A victory that anti-Israel students at the University of California celebrated last month with shouts of “Allahu Akbar” was short-lived, after a student-run court on Thursday struck down their decision to boycott the Jewish State.

The school's student court ruled that the student senate's decision on Jan. 30 to boycott Israel, a controversial decision that left Jewish students shaken as members of the pro-Hamas group Students for Justice in Palestine shouted Muslim slogans and one even tweeted gleefully that "sharia law" had come to the university system, had nothing to do with student welfare and was thus an invalid resolution.

"We have found [the resolution passed by Senate of the Associated Students, University of California, Davis] to be PRIMARILY a political document [that] does not deal with student welfare to the extent that allows the ASUCD Senate jurisdiction to pass it," the student court said in a ruling of 5-0, with one abstention.

Citing the student body bylaws, the court held further stated, "After much deliberation, this Bench concluded that Politicalized resolutions passed through Senate must be primarily concerning student welfare."

The original vote and ensuing celebration was reported by the Washington Free Beacon, which obtained video of the event. The student group, which sought to force the school to divest from Israel as part of the Boycott, Divestment, and Sanctions (BDS) movement, was countered by pro-Israel students in a raucous confrontation.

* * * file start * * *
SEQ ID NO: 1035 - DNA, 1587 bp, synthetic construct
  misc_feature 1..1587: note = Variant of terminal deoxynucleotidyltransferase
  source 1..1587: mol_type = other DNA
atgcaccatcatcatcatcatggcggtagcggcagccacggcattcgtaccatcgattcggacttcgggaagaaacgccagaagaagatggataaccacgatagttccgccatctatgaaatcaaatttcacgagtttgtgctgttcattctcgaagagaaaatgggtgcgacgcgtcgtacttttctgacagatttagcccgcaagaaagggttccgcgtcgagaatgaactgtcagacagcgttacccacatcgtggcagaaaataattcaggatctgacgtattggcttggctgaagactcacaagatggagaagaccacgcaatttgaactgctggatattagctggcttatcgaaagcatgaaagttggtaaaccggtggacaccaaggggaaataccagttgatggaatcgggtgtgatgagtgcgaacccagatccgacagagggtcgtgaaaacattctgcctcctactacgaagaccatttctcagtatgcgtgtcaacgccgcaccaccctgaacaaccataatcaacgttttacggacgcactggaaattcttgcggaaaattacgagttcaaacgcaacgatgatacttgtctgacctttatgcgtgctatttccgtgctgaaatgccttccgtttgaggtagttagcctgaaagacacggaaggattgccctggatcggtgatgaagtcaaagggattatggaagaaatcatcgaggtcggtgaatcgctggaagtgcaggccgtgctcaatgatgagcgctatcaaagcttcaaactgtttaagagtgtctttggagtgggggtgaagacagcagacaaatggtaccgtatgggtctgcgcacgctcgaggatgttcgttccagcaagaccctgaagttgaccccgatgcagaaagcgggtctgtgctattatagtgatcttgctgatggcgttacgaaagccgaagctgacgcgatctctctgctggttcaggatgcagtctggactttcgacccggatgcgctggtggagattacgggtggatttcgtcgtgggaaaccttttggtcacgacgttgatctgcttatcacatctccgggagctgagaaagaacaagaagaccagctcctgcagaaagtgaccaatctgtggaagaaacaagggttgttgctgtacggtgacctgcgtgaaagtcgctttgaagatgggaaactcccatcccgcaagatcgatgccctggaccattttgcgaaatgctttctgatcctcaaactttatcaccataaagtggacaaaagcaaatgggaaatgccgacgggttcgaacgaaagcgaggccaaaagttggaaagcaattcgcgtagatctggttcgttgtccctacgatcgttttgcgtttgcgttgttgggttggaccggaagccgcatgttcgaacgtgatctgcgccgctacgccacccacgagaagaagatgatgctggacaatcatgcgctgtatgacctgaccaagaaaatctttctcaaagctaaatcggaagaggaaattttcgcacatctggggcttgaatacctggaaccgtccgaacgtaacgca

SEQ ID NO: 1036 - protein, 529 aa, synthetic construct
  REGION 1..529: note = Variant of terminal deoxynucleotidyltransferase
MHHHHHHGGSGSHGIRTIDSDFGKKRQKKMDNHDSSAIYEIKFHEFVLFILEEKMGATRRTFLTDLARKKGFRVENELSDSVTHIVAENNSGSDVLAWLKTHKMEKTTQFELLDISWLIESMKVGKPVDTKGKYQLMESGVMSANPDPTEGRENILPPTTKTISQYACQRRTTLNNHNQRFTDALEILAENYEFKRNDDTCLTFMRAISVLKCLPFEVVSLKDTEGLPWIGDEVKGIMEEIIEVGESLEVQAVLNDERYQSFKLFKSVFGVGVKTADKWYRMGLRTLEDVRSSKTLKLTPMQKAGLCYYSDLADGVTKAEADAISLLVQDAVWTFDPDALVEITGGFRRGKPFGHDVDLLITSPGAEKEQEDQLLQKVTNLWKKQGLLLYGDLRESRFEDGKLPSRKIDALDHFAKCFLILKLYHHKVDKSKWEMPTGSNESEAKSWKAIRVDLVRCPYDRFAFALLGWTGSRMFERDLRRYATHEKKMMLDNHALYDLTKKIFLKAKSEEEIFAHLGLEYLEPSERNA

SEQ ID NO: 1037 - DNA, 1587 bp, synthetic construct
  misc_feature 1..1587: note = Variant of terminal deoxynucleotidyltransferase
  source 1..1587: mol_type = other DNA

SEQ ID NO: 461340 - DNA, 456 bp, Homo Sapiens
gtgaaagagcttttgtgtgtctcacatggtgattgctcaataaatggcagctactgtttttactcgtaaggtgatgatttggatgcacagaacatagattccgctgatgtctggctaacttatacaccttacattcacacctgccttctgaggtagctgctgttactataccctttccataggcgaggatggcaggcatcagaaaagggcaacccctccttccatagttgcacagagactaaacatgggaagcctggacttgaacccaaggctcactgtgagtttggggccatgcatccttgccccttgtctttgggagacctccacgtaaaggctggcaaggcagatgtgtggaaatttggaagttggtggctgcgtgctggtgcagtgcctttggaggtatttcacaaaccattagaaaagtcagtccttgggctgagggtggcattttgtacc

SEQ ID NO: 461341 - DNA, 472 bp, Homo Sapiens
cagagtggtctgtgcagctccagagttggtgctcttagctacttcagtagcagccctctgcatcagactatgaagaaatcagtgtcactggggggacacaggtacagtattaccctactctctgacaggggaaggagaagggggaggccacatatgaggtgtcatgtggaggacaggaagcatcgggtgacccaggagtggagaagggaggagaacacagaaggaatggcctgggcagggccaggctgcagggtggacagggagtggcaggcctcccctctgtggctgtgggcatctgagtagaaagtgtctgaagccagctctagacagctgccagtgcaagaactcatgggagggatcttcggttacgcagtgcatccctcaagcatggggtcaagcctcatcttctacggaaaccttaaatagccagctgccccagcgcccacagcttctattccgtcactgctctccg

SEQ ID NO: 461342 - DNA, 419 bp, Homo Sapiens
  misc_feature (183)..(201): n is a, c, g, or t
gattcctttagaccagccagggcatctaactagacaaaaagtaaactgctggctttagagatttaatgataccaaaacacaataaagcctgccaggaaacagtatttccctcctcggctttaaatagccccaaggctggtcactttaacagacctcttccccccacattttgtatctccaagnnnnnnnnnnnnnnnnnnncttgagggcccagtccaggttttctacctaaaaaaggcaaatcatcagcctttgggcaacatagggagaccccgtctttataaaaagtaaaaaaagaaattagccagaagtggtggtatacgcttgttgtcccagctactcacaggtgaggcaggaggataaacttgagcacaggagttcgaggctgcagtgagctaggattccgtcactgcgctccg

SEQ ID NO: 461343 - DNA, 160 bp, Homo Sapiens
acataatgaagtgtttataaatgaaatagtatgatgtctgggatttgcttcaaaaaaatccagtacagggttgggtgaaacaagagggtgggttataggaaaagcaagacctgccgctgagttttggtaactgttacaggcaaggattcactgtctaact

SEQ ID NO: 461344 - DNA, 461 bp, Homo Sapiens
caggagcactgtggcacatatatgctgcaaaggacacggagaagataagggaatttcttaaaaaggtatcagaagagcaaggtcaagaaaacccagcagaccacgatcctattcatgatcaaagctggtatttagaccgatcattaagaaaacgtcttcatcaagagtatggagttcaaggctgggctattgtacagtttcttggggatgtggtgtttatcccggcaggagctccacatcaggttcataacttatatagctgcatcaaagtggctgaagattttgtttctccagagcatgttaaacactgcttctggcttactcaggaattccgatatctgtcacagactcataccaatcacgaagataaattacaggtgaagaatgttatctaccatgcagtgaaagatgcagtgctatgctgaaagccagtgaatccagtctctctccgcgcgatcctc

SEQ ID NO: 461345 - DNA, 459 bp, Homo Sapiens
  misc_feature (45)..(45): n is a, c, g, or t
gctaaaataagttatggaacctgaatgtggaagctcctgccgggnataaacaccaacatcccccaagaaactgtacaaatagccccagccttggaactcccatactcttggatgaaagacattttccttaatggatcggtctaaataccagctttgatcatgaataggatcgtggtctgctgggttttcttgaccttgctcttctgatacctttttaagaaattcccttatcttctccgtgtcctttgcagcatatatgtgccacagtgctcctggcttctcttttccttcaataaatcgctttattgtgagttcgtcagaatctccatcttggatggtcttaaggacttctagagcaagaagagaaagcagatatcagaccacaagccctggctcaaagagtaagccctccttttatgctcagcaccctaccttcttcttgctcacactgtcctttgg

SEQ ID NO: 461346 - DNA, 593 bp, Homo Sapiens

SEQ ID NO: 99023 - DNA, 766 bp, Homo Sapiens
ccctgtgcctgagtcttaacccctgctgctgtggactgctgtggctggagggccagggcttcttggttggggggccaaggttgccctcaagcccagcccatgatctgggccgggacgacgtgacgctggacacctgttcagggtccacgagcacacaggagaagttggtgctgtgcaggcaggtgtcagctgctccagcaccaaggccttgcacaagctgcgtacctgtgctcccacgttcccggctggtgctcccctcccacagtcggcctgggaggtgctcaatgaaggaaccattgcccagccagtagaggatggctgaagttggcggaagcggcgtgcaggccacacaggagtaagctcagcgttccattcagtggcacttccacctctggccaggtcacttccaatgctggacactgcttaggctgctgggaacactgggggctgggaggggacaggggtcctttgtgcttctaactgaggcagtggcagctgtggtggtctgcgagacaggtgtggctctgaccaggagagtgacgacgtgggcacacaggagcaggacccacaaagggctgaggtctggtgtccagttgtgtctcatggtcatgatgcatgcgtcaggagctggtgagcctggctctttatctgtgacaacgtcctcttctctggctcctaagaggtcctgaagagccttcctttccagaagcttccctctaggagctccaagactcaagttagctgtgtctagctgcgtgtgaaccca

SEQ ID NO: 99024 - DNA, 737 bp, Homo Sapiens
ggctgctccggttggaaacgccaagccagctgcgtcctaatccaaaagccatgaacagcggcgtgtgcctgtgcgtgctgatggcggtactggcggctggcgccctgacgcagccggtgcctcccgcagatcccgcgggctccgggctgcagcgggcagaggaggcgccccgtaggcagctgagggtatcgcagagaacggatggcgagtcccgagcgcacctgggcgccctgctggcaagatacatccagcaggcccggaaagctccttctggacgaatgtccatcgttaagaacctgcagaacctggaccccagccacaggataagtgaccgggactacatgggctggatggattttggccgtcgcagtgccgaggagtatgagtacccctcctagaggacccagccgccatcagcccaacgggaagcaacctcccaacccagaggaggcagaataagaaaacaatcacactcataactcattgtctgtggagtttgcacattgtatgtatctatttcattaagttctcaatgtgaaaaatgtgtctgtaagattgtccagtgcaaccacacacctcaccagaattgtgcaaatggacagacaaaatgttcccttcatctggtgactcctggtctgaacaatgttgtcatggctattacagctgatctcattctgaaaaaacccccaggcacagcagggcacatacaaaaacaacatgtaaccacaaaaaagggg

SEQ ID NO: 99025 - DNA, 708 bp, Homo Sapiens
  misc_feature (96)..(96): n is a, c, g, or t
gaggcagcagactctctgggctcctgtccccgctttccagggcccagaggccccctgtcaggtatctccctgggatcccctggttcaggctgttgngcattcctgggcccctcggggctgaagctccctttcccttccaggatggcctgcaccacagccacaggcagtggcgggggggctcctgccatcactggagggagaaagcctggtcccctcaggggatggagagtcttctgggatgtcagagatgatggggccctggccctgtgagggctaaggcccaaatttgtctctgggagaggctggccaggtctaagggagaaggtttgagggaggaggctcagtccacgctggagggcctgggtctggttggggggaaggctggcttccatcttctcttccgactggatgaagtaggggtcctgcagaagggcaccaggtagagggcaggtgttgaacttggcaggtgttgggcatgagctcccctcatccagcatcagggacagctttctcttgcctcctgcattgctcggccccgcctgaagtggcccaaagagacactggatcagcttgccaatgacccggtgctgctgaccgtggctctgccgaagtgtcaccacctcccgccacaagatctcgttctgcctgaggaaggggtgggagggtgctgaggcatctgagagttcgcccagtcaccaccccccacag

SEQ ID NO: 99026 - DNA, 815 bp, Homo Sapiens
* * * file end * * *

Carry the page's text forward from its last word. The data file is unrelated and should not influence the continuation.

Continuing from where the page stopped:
“Allahu Akhbar!” a large group of activists shouted in unison as the pro-Israel students filed out of U.C. Davis’ meeting room, according to video provided by a member of Aggies for Israel, a pro-Israel student group at Davis. Azka Fayyaz, a member of the U.C. Davis student senate, posted on her Facebook page a triumphant message following the vote: “Hamas & Sharia law have taken over UC Davis.” She later penned an open letter for the school paper, The California Aggie, claiming she was engaging in satire.

Following the vote, which was championed by the pro-Hamas group Students for Justice in Palestine (SJP), unknown vandals spray-painted swastikas on a fraternity house belonging to the Jewish AEPi organization.

The student court did rule that the "Senate is free to pass Resolutions concerning “Divestment” and topics related to [the stricken one] so long as the focus and primary purpose is of Student Welfare and not a political one."